3. Flow control – It prevents the information from flowing so that it reaches unauthorized users. C covert channels allow information to flow implicitly in ways that violate an organisation’s security policy.
4. Data encryption protects sensitive data transmitted via some communication network. Encryption can provide additional protection for sensitive portions of a database. The data is encoded using some coding algorithm. An unauthorized user who accesses encoded data will have difficulty deciphering it, but authorized users are given decoding or decryption algorithms to interpret data. Encrypting techniques are complicated to decode without a key and have been developed for military applications.
Here are a few additional ideas for database security control measures.
- Implementing multi-factor authentication for database access
- Regularly updating and patching the database software
- Conducting regular security audits and vulnerability assessments
- Limiting user access to the database to only those who require it
- Encrypting sensitive data within the database
- Implementing role-based access control (RBAC) to ensure users only have access to necessary data
- Monitoring database activity for suspicious behaviour
- Protecting the database from SQL injection attacks
- Implementing database backup and recovery procedures
- Creating and enforcing strong password policies for database users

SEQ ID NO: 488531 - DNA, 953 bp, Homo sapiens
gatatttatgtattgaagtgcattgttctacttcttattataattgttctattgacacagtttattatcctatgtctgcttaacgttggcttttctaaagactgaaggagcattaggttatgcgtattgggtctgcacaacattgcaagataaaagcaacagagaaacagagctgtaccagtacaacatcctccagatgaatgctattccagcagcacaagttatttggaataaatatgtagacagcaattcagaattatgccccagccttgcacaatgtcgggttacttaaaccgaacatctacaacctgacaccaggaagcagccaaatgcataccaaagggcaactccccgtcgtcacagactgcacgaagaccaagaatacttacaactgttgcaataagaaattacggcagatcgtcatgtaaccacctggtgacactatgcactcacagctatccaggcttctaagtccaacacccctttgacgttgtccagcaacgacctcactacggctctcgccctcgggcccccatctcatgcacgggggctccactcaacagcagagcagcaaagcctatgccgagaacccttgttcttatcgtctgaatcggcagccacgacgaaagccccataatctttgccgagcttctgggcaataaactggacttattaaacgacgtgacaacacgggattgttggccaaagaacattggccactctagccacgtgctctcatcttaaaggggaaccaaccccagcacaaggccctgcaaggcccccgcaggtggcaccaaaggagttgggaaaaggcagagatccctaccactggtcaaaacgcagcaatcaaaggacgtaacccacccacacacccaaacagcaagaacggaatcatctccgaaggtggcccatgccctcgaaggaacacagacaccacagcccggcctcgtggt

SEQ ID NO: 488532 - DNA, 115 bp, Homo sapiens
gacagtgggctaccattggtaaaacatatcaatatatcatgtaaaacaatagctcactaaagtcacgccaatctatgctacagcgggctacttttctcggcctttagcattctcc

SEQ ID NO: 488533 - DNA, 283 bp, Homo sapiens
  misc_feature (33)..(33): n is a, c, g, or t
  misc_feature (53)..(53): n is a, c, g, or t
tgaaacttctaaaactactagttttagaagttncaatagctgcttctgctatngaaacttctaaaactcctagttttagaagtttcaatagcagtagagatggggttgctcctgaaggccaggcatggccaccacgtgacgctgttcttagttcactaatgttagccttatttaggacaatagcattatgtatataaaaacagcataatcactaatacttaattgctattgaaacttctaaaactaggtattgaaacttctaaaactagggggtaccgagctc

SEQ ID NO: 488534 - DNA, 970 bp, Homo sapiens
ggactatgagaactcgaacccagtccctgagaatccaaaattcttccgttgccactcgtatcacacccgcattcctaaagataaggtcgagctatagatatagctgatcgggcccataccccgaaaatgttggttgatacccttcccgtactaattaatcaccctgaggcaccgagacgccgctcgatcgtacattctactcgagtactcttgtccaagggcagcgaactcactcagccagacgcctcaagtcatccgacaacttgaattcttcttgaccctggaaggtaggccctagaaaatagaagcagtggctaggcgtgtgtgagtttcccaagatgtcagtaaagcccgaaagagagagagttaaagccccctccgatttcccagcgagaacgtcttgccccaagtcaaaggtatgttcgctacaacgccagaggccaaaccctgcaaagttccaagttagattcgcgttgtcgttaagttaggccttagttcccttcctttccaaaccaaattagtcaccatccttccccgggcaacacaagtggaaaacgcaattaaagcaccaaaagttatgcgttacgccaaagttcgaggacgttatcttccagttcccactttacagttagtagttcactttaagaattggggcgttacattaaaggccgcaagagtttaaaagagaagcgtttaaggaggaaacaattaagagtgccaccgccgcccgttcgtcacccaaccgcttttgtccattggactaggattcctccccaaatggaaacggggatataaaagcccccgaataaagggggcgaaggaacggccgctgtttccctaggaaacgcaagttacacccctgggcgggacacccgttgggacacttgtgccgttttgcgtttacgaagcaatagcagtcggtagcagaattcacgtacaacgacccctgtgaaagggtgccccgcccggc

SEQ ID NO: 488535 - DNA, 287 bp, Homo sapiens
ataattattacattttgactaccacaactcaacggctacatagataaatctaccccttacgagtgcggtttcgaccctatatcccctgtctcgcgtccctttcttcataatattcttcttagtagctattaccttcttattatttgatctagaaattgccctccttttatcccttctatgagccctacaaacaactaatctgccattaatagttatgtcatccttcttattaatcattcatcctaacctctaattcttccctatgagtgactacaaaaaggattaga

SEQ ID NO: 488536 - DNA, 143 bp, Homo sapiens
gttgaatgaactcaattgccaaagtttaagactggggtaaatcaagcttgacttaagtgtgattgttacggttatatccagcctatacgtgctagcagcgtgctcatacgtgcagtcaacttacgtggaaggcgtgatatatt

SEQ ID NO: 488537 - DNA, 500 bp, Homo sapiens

Challenges of Database Security
Due to the vast growth in the speed of threats to databases, research efforts need to be devoted to issues like :
1. Data quality
The database community needs techniques and organizational solutions to assess and attest to data quality. These techniques include simple mechanisms such as quality stamps posted on websites. It also requires techniques to provide more effective integrity semantics verification and tools for assessing data quality based on techniques such as record linkage. Application-level recovery techniques are also needed for automatically repairing incorrect data. The Extract Transform Load tools widely used to load data in data warehouses are grappling with these issues.
2. Intellectual property rights
With the widespread use of the Internet and Intranets, data’s legal and informational aspects are becoming organisations’ primary concerns. Watermarking techniques for relational data have recently been proposed to address these concerns. The primary purpose of digital watermarking is to protect content from unauthorized duplication and
distribution by enabling provable ownership of the content. It has traditionally relied upon the availability of a large noise domain within which the object can be altered while retaining its essential properties. However, research is needed to assess the robustness of such techniques and investigate different approaches to preventing intellectual property rights violations.
3. Database Survivability